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What is the Difference Between MBR and GPT?

Master Boot Record (MBR) disks use the standard BIOS partition table. GUID Partition Table (GPT) disks use Unified Extensible Firmware Interface (UEFI).

One of the most curious questions of those who deal with storage devices is the difference between GPT and MBR. In this article, we explain the difference between the two disk partition systems and remove all the question marks in your mind. If you have tinkered and partitioned your hard disk a lot, you have often come across terms like MBR and GPT. Especially users running a Dual-Boot Mac are quite familiar with these terms.

Most users are aware that their hard drives can be partitioned. However, many of these users do not know how the operating system configures these partitions. This is where MBR (Master Boot Record) and GPT (GUID Partition Table) come into play. Although in different architectures, both structures are used for information collection and management for disk partitions.

What is Master Boot Record (MBR)?

MBR is a relatively old partitioning system used to manage partitions but is still used by many users today. Information about disk partitions organized in the storage area is also kept by this system. The MBR also contains the code for scanning partitions for the operating system.

Information contained in a typical MBR partition

An MBR disk can have up to four primary partitions. The fourth partition can be set as expandable to create more partitions. In this way, more subsections can be created within the fourth section. Since MBR disks use a 32-bit recording system for partitions, there is a 2TB limit for each partition.

What is GUID Partition Table (GPT)?

This system, which has the UEFI standard, is the most up-to-date system that organizes the partitions of the disk. So if you have a UEFI-based system, you should use GPT instead of MBR. Unlike MBR, theoretically unlimited partitions can be created in GPT. In other words, while you can have up to 4 primary partitions on a disk thanks to MBR, there is no such limit with GPT. You can divide the disk into as many partitions (E, F, G etc.) as you want.

GPT is also one step ahead of MBR in terms of storage. The limit of 2TB for each partition in MBR can reach sizes such as 9.44ZB (Zettabyte) in GPT. Of course, this value is only theoretically possible. Because in Windows operating systems, the maximum capacity of each partition is fixed as 256 TB.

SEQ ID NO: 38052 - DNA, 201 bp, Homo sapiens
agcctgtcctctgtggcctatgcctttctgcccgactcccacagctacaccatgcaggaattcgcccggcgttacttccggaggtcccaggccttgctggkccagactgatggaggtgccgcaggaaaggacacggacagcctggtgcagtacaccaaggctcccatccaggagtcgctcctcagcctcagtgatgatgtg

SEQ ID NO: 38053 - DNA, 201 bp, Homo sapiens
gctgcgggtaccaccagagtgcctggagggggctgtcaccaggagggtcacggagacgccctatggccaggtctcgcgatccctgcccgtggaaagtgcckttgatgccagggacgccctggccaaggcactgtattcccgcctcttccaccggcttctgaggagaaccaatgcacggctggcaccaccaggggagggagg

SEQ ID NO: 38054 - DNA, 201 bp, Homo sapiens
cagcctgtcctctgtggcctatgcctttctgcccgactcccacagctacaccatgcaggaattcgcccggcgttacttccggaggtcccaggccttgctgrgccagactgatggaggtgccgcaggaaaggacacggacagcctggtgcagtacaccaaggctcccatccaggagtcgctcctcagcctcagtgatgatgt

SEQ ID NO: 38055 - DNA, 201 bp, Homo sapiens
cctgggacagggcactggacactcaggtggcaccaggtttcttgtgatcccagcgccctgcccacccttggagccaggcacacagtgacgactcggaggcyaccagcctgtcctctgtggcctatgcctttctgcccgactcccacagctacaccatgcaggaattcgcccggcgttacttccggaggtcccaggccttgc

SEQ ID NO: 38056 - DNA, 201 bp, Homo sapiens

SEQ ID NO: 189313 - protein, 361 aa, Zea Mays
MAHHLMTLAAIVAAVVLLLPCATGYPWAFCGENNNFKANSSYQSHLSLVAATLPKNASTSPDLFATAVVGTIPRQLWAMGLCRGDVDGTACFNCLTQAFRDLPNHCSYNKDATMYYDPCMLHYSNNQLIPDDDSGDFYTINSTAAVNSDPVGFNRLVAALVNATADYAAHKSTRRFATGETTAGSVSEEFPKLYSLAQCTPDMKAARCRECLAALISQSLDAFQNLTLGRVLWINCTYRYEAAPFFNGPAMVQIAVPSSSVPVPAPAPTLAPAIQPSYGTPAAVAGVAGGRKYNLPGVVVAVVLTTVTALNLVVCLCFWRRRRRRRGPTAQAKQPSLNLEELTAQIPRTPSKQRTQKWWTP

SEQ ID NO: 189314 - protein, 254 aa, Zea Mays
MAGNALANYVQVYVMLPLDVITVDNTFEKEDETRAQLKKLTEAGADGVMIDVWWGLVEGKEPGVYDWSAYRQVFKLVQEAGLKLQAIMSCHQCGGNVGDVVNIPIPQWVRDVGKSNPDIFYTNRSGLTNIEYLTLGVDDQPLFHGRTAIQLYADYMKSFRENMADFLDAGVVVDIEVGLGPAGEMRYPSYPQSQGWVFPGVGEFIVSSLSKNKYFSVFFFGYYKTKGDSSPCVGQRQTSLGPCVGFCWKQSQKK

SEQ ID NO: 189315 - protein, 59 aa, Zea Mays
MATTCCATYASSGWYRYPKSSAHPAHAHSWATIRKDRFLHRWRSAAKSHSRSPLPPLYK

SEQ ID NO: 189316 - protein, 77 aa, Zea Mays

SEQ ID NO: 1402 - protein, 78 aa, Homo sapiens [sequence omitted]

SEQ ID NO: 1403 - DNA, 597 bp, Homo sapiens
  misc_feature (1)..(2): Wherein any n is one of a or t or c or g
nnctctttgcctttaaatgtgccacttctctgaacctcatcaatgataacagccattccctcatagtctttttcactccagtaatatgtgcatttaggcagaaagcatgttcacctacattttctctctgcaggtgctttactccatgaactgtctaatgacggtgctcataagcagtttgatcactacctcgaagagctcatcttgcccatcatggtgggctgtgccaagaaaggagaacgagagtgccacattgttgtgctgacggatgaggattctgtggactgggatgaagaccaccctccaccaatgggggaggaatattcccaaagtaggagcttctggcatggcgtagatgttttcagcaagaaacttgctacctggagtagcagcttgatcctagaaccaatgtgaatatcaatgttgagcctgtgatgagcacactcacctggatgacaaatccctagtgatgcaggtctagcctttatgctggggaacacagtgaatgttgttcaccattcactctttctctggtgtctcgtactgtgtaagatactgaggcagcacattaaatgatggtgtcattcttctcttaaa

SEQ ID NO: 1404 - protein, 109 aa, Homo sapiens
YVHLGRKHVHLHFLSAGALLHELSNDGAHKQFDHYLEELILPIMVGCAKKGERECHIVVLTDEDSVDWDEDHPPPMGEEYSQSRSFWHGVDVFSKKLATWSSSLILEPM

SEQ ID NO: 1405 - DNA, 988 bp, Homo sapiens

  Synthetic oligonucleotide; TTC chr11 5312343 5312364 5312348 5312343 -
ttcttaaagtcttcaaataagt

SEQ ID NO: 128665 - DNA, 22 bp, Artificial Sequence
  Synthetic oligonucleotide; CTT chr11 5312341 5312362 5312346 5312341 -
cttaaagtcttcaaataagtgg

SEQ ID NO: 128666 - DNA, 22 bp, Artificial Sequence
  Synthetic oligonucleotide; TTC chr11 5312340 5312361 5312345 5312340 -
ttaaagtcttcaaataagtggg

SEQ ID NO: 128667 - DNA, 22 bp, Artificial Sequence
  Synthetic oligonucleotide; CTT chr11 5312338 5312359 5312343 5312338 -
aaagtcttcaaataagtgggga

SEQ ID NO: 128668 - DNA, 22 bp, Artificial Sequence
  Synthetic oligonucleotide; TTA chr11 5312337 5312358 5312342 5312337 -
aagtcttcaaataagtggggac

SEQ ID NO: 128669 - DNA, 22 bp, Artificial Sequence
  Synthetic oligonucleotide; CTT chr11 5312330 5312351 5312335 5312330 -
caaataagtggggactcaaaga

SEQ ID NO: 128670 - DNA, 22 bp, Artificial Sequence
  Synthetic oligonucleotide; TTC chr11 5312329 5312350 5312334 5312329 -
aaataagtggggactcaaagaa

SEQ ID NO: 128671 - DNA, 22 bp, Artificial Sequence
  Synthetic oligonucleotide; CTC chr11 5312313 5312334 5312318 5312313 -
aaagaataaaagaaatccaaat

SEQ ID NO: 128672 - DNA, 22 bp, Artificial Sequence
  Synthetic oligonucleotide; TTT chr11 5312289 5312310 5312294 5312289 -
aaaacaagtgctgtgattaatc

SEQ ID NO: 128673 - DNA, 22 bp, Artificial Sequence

GPT is the advanced standard we use now

As you can see from the diagram above, GPT disks have two GPT Headers, one at the beginning and one at the end. One of the most important details that make GPT more useful than MBR is this sequence. Because GPT disks store the spare header at the end, it is much easier to recover the disk if the main header is damaged. GPT disks also use CRC32 checksums to detect problems.

Another noteworthy detail in the diagram is Protective MBR, which allows BIOS-based systems to boot GPT disks with the bootloader in this area. In addition, Protective MBR prevents undefined disk tools against GPT from damaging the disk.

Operating System Support

Intel Macs use GPT on their disks as standard. It is not possible to install Mac OS X on MBR system by ordinary means. Also, many Linux kernels have GPT support. Grub 2 bootloader is required to use GPT disk with Linux .

On the Windows side, GPT disks have been supported since Windows XP. Computers with 64-bit Windows 8 and later (except 32-bit XP) use GPT by default, while Windows 7 and earlier have MBR by default.


Most modern computers today have UEFI support. UEFI systems can also boot from GPT partitioned disks. Again, a Windows with UEFI installed on a GPT disk is both safer and faster to boot. That’s why if your computer supports UEFI, you should prefer GPT.

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